Getting involved in undergraduate research is a fantastic experience that will help build skills to prepare you for graduate school and the work force. If you’re planning to work on a project with a faculty member, consider the following in order to maximize benefits and avoid the pitfalls!
- Start early — Students who begin doing research in their sophomore year develop skills that can lead to graduate-level work in their senior year. Regardless of when you start, be sure to discuss ideas for a project with a faculty member at least one semester before you expect the project to begin.
- Create a contract with your faculty mentor — It is important to set up clear expectations at the beginning to avoid misunderstandings (especially when your grade hangs in the balance). Creating a contract will also help you and your mentor set deadlines and decide on where/how to present the final results of the project. Look here for a sample template from Moorhead State University.
- Apply for funding — The PSU Student Research Advisory Council provides funding for research projects and conference attendance. Be sure to read the guidelines carefully and apply before the deadline!
- Set up regular meetings — It’s important to meet face-to-face with your faculty mentor at least once a week to keep each other updated about your progress and troubleshoot potential problems. Even if you’re doing an independent research project, you’ll still need plenty of guidance from your mentor.
- Attend conferences — Conferences are a great way to get ideas for research projects, to share your findings with others, and to network with colleagues. Your faculty mentor can tell you more about which ones are appropriate for you. Many students do not know what to expect from a conference, and the Eastern Psychological Association developed a set of guidelines so that you can successfully navigate a conference like a pro.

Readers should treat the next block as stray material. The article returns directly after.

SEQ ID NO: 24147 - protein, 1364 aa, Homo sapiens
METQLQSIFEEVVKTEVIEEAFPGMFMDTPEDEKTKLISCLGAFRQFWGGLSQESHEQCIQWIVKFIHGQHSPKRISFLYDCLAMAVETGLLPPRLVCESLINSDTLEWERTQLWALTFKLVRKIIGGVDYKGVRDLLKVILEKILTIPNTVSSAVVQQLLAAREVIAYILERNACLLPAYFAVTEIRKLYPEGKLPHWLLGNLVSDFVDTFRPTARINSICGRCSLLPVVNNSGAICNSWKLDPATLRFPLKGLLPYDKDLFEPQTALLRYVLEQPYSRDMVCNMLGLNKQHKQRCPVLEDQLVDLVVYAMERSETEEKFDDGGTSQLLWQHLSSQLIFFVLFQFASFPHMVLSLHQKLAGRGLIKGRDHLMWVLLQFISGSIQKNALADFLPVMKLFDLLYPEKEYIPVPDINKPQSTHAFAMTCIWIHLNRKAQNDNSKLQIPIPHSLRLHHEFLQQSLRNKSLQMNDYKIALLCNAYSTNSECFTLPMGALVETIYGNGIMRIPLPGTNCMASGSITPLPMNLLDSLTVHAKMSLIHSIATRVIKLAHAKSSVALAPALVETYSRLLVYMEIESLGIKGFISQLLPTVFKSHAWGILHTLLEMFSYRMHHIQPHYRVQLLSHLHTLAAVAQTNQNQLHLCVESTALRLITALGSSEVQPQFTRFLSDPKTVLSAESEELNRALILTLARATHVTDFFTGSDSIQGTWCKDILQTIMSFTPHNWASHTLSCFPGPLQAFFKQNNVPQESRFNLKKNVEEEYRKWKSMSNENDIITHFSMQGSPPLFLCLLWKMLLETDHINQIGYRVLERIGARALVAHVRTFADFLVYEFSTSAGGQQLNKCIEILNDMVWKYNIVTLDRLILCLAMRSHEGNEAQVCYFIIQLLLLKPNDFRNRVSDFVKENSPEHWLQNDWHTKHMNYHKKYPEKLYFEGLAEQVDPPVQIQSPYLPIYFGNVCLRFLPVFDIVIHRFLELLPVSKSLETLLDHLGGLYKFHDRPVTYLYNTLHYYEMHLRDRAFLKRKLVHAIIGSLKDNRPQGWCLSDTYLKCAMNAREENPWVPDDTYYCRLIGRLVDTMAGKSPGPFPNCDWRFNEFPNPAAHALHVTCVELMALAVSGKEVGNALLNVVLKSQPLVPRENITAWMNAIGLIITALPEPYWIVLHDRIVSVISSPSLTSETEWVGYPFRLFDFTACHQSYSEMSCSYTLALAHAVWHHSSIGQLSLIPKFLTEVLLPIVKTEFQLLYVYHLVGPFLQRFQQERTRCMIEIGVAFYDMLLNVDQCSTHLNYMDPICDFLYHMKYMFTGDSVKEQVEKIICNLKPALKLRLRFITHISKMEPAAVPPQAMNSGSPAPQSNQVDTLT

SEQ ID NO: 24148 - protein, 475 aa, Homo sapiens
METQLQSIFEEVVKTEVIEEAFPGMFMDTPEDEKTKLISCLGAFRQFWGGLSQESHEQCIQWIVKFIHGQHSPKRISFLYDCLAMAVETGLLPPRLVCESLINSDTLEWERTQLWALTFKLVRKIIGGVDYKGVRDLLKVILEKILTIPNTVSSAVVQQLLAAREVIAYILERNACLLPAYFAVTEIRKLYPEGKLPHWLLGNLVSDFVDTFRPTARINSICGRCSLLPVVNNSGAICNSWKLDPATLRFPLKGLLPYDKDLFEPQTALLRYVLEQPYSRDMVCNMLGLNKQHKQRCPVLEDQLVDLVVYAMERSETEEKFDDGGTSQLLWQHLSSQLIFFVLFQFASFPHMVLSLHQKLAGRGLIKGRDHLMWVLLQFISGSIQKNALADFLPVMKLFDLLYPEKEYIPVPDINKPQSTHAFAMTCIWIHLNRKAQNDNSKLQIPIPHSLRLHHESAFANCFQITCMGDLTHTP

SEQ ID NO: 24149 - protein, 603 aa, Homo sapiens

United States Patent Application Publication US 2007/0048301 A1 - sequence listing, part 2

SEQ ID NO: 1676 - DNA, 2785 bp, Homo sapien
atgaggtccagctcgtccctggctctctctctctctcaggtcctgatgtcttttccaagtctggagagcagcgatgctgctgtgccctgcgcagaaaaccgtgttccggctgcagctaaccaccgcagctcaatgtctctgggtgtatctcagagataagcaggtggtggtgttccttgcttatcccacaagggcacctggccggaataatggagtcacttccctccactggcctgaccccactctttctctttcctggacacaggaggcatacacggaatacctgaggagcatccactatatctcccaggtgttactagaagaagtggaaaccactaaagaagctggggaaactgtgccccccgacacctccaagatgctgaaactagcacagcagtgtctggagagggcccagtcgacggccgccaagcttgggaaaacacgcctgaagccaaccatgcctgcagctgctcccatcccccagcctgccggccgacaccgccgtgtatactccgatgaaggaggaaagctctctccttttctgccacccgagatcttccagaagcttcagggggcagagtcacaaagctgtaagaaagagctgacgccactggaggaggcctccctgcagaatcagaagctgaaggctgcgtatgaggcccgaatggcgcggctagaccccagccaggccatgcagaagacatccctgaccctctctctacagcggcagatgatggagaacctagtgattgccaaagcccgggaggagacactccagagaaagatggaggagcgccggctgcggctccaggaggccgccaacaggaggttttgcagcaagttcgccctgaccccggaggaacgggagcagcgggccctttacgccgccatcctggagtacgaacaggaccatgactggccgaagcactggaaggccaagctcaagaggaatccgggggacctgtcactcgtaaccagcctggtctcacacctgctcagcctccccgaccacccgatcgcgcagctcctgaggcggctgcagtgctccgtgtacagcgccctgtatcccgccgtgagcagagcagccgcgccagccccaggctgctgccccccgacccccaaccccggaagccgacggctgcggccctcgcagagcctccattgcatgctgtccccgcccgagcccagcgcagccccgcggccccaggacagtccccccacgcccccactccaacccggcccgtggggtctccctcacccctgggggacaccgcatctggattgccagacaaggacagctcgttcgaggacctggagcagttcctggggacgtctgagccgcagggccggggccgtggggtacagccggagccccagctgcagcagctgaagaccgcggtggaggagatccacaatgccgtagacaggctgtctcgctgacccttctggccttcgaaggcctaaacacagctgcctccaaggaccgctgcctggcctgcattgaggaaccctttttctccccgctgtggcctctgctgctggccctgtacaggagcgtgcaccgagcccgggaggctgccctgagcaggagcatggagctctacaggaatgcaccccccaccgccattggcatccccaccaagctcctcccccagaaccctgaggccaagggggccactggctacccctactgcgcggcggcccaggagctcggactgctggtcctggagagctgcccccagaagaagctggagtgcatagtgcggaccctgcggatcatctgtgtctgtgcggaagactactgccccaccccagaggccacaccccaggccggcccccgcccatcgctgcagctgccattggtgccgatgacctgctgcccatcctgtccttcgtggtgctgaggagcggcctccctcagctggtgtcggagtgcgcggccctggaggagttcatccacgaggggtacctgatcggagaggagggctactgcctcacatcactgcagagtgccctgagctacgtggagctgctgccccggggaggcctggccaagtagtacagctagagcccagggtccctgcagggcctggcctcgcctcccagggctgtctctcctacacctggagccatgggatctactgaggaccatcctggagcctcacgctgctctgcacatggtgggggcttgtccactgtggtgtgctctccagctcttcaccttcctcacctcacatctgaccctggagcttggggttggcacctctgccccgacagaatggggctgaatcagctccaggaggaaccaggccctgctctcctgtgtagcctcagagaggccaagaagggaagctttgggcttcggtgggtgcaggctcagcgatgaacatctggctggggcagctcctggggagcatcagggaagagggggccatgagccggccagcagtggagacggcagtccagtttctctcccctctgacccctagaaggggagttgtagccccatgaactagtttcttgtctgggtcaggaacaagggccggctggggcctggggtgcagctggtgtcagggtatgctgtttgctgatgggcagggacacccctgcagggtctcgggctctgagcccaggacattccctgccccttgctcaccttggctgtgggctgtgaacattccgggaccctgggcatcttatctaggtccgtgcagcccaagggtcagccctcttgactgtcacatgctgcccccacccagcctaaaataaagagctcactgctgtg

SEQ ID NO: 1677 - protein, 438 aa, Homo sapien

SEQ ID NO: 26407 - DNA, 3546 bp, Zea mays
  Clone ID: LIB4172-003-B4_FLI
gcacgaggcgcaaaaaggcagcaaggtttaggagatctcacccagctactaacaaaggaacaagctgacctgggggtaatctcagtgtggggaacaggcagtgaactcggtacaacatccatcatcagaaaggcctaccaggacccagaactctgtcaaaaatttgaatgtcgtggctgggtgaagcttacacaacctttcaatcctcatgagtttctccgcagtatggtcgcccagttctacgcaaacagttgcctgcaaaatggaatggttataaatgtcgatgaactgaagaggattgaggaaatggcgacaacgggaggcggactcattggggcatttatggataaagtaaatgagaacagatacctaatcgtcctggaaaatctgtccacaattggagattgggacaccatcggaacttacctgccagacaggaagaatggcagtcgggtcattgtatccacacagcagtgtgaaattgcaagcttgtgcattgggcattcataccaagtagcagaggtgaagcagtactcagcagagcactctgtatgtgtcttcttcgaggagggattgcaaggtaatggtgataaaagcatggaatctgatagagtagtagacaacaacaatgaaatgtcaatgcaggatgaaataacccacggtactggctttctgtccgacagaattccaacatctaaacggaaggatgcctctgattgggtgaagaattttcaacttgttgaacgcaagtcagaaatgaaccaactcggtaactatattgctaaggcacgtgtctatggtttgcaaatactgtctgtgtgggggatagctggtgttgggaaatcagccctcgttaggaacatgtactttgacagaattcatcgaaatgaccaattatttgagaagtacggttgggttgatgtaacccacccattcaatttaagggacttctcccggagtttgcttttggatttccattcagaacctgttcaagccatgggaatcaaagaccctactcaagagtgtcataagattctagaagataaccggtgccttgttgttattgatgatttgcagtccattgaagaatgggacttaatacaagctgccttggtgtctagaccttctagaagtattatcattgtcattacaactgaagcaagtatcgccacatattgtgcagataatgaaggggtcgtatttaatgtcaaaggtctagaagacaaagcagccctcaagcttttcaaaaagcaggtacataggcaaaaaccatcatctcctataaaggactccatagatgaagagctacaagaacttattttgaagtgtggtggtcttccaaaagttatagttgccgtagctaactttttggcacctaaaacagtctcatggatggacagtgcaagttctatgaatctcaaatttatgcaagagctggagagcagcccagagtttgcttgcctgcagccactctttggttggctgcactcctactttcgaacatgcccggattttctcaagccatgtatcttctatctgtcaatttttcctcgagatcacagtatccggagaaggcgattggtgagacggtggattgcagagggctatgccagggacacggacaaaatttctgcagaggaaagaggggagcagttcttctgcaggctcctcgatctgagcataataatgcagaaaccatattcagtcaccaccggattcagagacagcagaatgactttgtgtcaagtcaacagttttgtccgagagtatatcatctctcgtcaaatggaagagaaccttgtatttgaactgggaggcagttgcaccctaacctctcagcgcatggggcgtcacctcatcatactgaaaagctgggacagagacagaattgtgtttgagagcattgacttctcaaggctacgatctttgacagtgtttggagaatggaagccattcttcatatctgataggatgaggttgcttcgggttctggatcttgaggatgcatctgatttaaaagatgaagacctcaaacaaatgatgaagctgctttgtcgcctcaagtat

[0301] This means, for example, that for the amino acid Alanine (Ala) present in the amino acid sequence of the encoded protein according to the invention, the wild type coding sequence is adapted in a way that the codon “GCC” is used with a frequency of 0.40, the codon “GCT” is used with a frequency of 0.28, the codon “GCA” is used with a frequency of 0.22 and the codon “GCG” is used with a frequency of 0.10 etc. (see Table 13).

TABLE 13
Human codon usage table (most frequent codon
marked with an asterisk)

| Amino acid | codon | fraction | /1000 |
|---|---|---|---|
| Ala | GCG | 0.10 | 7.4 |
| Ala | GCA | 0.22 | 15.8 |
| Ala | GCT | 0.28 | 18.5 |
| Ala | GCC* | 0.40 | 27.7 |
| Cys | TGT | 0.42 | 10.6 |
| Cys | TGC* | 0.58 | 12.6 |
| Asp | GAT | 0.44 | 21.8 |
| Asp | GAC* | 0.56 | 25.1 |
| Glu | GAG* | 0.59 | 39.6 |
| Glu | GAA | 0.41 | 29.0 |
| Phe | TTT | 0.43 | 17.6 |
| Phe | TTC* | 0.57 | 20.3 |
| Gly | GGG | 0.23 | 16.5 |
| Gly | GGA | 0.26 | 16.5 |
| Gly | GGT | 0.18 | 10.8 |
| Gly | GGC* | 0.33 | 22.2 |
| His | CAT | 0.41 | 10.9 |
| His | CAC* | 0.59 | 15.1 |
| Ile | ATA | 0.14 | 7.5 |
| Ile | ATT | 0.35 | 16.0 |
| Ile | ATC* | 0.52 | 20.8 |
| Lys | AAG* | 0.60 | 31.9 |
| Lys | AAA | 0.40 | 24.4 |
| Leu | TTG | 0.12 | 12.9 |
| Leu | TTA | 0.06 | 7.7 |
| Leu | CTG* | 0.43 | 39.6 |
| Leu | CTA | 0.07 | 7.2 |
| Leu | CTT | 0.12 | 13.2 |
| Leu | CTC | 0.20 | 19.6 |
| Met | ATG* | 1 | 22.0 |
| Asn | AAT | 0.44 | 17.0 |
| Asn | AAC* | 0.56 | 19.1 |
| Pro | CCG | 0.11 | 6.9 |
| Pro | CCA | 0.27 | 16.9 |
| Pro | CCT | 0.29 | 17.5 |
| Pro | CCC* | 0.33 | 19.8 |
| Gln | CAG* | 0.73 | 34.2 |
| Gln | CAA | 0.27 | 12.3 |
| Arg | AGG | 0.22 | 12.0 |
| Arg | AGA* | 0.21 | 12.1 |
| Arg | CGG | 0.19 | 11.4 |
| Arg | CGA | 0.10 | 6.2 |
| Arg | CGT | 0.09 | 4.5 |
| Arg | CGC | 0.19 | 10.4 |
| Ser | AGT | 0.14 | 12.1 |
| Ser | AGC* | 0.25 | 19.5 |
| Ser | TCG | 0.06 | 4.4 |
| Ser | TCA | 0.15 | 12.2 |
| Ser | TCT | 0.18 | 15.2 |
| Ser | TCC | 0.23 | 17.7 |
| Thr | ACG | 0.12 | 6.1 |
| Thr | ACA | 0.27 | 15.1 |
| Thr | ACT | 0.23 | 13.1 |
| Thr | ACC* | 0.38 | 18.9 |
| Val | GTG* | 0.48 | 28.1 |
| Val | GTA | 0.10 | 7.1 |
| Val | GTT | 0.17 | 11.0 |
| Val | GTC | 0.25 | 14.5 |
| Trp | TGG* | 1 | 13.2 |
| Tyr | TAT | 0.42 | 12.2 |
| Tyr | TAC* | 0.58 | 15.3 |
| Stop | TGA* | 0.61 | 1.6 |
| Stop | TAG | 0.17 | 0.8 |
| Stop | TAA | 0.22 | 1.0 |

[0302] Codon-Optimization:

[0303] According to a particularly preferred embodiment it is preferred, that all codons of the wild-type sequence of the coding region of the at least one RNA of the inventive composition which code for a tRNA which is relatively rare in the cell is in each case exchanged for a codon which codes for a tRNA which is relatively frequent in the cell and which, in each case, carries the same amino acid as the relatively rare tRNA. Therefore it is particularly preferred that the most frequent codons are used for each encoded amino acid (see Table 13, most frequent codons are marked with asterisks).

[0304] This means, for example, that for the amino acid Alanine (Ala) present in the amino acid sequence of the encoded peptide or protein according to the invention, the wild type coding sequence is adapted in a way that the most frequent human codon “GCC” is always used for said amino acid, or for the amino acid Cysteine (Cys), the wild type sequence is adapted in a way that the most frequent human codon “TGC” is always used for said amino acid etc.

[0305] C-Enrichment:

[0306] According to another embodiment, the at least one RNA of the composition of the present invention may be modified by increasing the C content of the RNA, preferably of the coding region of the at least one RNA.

- Present your results — It can be scary to present your results to other scientists (especially for the first time!), but the trick is to be well-prepared. The most common way for psychology students to present their research findings is with a research poster, and North Carolina State University has put together an extremely informative website that is complete with videos and a quick reference guide to get you started. You can use a variety of software to create your poster, and MegaPrint offers poster templates in MS PowerPoint. Posters can even be printed on campus at a reduced rate (contact Dr. Kurt Schroeder at kschroed [at] plymouth [dot] edu for more information).
- Publish your results — If you have groundbreaking results that would be of great interest to the scientific community, you should consider publishing in a professional journal in consultation with your mentor. Because professional journals have low acceptance rates, you may have better luck publishing in an undergraduate journal. Look here for a list of undergraduate journals (the journals dedicated exclusively to psychology are the Psi Chi Journal of Psychological Research, the Journal of Psychological Inquiry, the Journal of Psychology and Behavioral Sciences, and The Yale Review of Undergraduate Research in Psychology).
- Keep in touch with your mentor — Your mentor will have invested a ton of time in your project and wants you to succeed even after graduation. Be sure to use your mentor as a reference and update him/her with your career plans. Remember that every relationship you have can help build your network!